Portage chief defends actions in arrest of autistic woman

2013-06-04T23:49:00Z 2013-06-05T14:46:04Z Portage chief defends actions in arrest of autistic womanJoyce Russell joyce.russell@nwi.com, (219) 762-1397, ext. 2222 nwitimes.com

PORTAGE | Portage Police Chief Troy Williams said officers involved in the Tasering and arrest of a developmentally disabled woman Friday morning acted appropriately.

Crystal Patrick, 34, of Portage, was arrested early Friday morning after police were called to a home in the 5300 block of Central Avenue. The homeowner told police he found Patrick on his back deck and that she had taken a beer from his outdoor refrigerator.

Patrick, when found in the back yard, was uncooperative, police said.

Williams said Patrick refused to come out from behind a shed, left her hands in her pockets despite police commands to show her hands and attempted to flee.

She eventually was Tasered twice by Portage police Officer Flora Ryan.

Williams said the Tasering was appropriate because Patrick did not cooperate and Ryan did not know whether Patrick was reaching into her pocket for a weapon.

Williams said Patrick also head-butted and attempted to bite Ryan when Patrick was placed in the police car.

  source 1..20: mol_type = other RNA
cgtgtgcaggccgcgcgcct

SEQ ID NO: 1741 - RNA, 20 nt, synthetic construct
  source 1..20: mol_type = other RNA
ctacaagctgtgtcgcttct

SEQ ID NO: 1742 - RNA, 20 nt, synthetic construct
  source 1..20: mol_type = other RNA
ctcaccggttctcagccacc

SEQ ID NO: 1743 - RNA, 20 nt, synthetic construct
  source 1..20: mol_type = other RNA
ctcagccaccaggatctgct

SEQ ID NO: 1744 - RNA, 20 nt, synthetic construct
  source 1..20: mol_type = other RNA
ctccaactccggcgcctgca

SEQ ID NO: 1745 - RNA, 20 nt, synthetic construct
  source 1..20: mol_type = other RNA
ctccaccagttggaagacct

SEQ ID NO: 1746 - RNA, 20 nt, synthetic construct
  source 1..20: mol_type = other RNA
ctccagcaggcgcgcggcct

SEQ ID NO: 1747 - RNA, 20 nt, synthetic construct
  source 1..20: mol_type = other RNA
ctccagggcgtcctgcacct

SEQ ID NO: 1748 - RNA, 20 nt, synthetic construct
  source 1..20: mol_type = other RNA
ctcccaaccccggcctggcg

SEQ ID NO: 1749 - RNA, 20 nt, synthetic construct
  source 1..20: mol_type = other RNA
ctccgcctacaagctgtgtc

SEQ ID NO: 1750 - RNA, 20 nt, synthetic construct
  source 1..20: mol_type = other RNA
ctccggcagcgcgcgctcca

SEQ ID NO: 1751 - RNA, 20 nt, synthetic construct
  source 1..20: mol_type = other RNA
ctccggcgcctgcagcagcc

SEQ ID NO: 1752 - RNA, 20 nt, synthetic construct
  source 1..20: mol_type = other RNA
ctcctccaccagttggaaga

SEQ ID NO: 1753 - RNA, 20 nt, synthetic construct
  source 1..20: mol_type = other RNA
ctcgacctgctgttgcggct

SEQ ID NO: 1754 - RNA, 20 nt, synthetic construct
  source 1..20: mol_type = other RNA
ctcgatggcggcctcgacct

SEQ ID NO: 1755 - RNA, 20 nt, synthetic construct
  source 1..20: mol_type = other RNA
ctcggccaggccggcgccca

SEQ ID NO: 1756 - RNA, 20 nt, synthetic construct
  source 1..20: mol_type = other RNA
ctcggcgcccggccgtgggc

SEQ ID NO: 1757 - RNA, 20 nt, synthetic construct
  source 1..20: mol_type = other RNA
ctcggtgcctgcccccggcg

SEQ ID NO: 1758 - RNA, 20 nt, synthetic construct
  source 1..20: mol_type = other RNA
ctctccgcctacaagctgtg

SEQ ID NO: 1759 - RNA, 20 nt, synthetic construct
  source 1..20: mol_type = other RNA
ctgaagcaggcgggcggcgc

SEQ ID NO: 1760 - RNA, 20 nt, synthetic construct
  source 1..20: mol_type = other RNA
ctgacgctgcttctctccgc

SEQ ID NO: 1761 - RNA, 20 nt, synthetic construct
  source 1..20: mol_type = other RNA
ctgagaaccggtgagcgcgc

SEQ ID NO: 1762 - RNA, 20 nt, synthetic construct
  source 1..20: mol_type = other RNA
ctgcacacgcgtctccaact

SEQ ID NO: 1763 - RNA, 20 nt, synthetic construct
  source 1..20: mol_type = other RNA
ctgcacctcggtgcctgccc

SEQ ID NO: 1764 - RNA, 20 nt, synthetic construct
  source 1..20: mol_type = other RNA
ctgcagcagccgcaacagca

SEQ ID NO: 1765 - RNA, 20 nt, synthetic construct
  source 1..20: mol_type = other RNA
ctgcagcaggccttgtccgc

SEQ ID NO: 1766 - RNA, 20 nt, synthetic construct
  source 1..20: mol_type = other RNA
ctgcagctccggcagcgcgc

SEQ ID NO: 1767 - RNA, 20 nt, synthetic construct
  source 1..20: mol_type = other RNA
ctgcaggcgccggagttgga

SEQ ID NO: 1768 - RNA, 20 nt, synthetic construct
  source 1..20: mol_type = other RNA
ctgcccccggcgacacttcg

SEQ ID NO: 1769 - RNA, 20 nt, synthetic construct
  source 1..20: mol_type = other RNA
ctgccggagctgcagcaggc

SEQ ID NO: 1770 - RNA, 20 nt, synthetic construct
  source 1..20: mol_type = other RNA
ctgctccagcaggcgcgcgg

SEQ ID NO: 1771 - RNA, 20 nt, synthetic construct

Patrick's arrest brought criticism of Ryan and the department by Patrick's sister, Charlotte Patrick, of South Bend, who told The Times she was outraged by the way her autistic sister was treated.

In a statement released by Williams on Tuesday, he said he believed officers acted appropriately.

"The responding officers had no idea who they were dealing with at initial contact. However, what they did know was that it was 4 a.m. and a suspicious person who had just consumed an alcoholic beverage was in the backyard of the complainant," said Williams, adding that is was only after Crystal Patrick was Tased that officers recognized her.

Even if officers had recognized Patrick earlier, said Williams, he believes they acted appropriately.

Williams said the department has had several contacts with Patrick in the past, including incidents in which she had knives, rocks, a hammer, a baseball bat, had injured a person and broken windows in a garage and vehicle.

Williams provided The Times copies of police reports involving Patrick dating back to 2010.

"Had officers known who it was at the time of the initial contact, I would still support their actions," said Williams, adding that the department believed Patrick lived in a group home and was never notified she had been released to live with her parents.

"A Taser is a lifesaving tool, not a life-taking one," Williams said. "I do not want my officers to wait to be hurt by anyone before they react to a given situation."

Williams said officers receive two hours of training annually on dealing with people with autism as part of their mandated training.

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